“The school had been largely rebuilt with a massive bequest from an oil family some years before in a peculiar style of Puritan grandeur, as though Versailles had been modified for the needs of a Sunday school. This opulent sobriety betrayed the divided nature of the school, just as in a different way the two rivers that it straddled did. From the outside the buildings were reticent, severe straight lines of red brick or white clapboard, with shutters standing sentinel beside each window, and a few unassuming white cupolas placed here and there on the roofs because they were expected and not pretty, like Pilgrim bonnets.

“But one you passed through the Colonial doorways, with only an occasional fan window or low relief pillar to suggest that a certain muted adornment was permissible, you entered an extravaganza of Pompadour splendor …”

My only previous experience with Knowles was his sturdy introduction to G. B. Edwards’ posthumously published masterpiece The Book of Ebenezer LePage (pronounced Le as in French and Page as in a book, as the irresistibly quirky narrator early on informs us), one of the select few novels of the 20th Century I most enthusiastically recommend.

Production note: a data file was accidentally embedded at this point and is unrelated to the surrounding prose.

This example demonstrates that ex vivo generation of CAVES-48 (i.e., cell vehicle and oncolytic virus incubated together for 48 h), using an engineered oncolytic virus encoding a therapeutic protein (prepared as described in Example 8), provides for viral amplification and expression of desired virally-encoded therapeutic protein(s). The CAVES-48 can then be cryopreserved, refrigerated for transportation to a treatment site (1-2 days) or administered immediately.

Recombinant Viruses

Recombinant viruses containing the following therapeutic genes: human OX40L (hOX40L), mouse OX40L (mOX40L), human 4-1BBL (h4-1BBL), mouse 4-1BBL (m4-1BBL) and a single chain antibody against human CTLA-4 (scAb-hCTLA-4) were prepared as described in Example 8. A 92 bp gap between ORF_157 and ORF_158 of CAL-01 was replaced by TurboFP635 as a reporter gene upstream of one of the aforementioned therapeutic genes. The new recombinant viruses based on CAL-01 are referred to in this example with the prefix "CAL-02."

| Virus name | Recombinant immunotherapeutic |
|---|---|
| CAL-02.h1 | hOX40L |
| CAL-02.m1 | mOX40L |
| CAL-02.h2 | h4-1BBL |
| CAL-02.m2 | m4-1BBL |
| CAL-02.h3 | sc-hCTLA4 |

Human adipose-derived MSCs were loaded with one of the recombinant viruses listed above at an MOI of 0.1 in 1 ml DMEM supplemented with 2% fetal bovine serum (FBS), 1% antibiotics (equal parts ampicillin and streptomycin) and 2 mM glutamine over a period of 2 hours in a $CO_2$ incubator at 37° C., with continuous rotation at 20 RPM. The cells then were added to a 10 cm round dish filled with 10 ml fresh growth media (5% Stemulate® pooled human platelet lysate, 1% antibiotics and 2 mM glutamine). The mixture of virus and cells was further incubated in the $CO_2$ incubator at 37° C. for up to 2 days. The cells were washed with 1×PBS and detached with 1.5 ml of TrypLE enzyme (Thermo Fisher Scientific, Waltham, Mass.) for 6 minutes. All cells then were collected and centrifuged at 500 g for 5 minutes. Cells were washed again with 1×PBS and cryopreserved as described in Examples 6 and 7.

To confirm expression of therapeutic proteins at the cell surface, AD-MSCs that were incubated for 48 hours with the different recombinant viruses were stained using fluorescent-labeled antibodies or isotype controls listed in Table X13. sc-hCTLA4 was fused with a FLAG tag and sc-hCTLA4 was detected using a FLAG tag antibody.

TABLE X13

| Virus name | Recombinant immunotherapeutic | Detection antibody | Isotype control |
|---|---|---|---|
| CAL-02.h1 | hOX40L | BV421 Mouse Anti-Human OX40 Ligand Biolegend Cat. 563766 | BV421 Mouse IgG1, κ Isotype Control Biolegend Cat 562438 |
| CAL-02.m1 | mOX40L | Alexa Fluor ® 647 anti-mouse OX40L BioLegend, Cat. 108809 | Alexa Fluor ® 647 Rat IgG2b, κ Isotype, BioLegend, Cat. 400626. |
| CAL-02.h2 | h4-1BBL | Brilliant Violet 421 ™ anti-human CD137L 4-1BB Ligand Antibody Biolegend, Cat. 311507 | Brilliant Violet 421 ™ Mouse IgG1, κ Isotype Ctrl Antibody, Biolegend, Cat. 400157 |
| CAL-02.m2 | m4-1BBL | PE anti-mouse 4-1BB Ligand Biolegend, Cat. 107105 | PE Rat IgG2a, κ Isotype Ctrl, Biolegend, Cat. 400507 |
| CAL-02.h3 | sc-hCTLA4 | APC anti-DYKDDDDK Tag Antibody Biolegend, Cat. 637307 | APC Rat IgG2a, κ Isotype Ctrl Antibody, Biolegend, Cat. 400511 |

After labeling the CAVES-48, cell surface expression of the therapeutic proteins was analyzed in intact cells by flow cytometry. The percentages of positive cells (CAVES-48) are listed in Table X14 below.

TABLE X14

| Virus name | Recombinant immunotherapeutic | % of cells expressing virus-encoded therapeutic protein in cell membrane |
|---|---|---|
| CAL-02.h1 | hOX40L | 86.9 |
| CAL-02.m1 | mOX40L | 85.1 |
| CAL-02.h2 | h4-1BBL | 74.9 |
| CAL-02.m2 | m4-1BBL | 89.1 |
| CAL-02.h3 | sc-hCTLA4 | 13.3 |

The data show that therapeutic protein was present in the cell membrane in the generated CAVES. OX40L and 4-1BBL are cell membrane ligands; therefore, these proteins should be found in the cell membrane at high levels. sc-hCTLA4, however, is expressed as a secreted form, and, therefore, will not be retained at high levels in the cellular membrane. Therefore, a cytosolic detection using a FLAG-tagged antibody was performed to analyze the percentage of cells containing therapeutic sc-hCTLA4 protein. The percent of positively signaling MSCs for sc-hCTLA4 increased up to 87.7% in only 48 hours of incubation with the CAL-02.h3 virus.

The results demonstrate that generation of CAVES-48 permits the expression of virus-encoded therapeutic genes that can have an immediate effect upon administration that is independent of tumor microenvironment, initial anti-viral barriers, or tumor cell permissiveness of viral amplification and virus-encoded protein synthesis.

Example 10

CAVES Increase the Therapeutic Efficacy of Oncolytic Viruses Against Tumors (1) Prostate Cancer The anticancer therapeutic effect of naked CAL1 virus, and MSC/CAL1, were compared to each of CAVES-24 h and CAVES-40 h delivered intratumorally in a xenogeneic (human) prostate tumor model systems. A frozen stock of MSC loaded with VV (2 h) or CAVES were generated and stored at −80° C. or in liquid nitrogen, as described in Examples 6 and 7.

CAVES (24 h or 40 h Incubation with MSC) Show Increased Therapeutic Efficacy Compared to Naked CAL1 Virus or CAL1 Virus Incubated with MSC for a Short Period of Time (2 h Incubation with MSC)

So take this as a recommendation of two novels, one widely read and celebrated and the other unjustly neglected.

Feb 03, 2017

Wow what an incredible coming of age story! Phineas, an incredibly vibrant character in the book, was a great inspiration in my life. From the story Knowles paints, he has a vibrant, effervescent spirit to him which automatically draws the reader to him. However, I do not think his death, was a malicious act by Gene.

I really do feel for Gene throughout this story. Phineas was always pushing him, egging him on and it seemed Gene was bothered by that.

Believe me, I know what it means to have friends like that. People who dare you into semi-dangerous situations just to satisfy their own desires. And I still don't know if Phineas was like that, or whether he genuinely cared for Gene and just wanted him to break out of his shell.

But in the end, Gene finally turned the situation back on Phineas. He made Phineas adapt to his musings, and in the end, eventually killed him. That last conversation between Phineas and Gene is one of the more poignant conversations in literature I believe.

Was Gene trying to apologize, was Phineas telling him he was already forgiven? Did the two realize their ultimate mistake and come to terms with themselves. John Knowles never draws any conclusions.